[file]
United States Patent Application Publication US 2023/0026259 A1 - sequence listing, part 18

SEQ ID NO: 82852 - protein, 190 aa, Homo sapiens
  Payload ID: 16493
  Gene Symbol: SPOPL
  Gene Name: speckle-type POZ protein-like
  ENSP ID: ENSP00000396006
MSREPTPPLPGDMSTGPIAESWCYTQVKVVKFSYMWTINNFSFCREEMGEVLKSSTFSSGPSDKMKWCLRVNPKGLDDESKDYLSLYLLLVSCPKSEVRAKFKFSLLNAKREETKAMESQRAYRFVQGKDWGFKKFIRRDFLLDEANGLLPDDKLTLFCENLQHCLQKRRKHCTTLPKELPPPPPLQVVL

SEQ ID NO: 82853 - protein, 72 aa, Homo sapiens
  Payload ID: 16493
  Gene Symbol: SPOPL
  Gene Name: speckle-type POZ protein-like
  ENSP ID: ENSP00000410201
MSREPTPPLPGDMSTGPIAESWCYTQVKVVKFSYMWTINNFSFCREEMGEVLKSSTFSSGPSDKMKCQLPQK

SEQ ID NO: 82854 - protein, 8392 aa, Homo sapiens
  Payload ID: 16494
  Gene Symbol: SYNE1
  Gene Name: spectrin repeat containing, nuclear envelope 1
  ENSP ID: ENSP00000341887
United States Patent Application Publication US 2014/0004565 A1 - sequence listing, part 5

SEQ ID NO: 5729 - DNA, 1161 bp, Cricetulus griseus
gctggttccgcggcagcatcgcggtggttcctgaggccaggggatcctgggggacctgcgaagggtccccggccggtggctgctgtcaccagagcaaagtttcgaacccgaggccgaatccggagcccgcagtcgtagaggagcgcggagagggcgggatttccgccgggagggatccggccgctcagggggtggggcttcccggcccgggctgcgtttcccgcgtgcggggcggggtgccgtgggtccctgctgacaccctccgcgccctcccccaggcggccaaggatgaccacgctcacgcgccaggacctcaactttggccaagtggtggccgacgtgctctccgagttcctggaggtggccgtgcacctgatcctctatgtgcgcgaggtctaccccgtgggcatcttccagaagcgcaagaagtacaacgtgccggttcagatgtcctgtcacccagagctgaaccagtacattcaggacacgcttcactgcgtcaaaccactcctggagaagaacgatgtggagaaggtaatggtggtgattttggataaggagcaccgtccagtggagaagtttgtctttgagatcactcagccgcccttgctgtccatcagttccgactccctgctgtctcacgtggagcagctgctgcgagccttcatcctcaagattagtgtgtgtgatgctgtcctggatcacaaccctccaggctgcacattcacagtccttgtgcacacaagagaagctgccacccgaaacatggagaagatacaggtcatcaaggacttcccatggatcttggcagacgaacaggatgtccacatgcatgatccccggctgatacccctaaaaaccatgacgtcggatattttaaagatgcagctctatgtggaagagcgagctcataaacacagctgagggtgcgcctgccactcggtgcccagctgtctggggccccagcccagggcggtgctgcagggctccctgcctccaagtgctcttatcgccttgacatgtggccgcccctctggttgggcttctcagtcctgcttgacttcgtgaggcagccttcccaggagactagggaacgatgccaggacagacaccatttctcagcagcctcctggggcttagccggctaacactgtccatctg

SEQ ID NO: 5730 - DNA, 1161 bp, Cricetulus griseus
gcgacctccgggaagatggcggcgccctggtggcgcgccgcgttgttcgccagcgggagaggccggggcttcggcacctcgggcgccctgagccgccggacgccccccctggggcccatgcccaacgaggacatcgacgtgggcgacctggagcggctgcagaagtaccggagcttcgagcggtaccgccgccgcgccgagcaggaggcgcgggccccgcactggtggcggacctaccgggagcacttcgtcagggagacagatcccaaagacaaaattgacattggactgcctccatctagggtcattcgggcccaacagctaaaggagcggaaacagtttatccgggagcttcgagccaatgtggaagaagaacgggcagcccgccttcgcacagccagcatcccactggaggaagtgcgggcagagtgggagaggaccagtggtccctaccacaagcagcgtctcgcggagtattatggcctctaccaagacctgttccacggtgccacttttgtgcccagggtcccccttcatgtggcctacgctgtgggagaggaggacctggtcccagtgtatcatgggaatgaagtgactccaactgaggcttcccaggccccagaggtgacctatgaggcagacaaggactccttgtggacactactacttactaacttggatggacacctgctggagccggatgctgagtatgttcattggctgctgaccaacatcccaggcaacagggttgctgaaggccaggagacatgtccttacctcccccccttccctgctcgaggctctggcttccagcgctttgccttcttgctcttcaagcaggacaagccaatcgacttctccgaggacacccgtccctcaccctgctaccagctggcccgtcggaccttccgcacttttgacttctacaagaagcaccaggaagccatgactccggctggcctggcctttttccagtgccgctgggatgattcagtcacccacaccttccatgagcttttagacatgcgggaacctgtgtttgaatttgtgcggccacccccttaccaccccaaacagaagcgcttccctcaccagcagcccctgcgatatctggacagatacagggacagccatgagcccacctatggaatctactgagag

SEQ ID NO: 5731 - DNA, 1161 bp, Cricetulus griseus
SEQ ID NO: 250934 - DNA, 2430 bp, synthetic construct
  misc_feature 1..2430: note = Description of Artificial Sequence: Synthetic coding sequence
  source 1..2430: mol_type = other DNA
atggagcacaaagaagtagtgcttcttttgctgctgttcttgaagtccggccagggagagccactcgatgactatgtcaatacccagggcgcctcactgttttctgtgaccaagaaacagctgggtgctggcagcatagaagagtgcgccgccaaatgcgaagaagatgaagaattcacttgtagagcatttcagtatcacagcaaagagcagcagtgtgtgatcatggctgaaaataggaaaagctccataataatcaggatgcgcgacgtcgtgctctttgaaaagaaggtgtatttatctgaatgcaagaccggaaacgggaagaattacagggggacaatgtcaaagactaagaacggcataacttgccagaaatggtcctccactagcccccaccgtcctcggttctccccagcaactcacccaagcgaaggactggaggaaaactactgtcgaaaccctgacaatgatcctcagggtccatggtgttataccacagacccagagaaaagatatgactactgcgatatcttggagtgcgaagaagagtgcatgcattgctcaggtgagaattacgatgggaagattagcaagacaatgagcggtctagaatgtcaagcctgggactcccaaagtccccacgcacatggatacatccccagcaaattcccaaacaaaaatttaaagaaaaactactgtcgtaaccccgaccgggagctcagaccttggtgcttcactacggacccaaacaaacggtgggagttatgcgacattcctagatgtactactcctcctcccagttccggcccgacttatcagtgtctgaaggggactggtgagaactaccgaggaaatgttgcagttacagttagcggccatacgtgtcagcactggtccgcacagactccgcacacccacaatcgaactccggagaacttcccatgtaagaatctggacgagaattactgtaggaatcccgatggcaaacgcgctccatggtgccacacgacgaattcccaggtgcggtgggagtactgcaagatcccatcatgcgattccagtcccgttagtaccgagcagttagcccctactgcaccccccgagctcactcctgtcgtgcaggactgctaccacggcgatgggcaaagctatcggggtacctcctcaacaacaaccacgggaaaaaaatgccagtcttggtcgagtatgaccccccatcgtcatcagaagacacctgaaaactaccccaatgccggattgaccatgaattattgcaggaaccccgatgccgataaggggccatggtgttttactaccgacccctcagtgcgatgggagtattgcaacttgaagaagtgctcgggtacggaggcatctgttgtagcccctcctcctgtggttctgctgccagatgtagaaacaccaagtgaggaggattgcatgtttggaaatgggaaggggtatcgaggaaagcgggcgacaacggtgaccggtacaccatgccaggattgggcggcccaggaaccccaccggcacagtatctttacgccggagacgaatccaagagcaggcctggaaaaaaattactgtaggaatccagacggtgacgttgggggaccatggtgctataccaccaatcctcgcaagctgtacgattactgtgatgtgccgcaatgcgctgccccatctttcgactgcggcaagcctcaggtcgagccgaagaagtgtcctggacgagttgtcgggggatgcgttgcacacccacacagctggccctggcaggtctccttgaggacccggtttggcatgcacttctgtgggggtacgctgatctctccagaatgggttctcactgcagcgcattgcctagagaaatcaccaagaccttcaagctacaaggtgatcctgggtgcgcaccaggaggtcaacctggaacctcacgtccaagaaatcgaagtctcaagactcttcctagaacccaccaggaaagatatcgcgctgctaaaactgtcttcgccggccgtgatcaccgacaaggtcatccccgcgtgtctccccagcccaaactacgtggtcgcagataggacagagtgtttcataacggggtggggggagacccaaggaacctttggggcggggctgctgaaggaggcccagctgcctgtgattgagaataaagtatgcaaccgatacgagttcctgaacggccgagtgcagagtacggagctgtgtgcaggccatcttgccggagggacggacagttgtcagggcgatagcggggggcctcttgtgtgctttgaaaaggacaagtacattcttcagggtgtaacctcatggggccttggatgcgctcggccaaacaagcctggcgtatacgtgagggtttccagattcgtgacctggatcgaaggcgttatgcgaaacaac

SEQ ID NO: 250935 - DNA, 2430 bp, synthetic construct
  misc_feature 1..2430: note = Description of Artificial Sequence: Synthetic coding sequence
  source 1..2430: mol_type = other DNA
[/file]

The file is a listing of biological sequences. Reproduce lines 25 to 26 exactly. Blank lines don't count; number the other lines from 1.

SEQ ID NO: 250934 - DNA, 2430 bp, synthetic construct
  misc_feature 1..2430: note = Description of Artificial Sequence: Synthetic coding sequence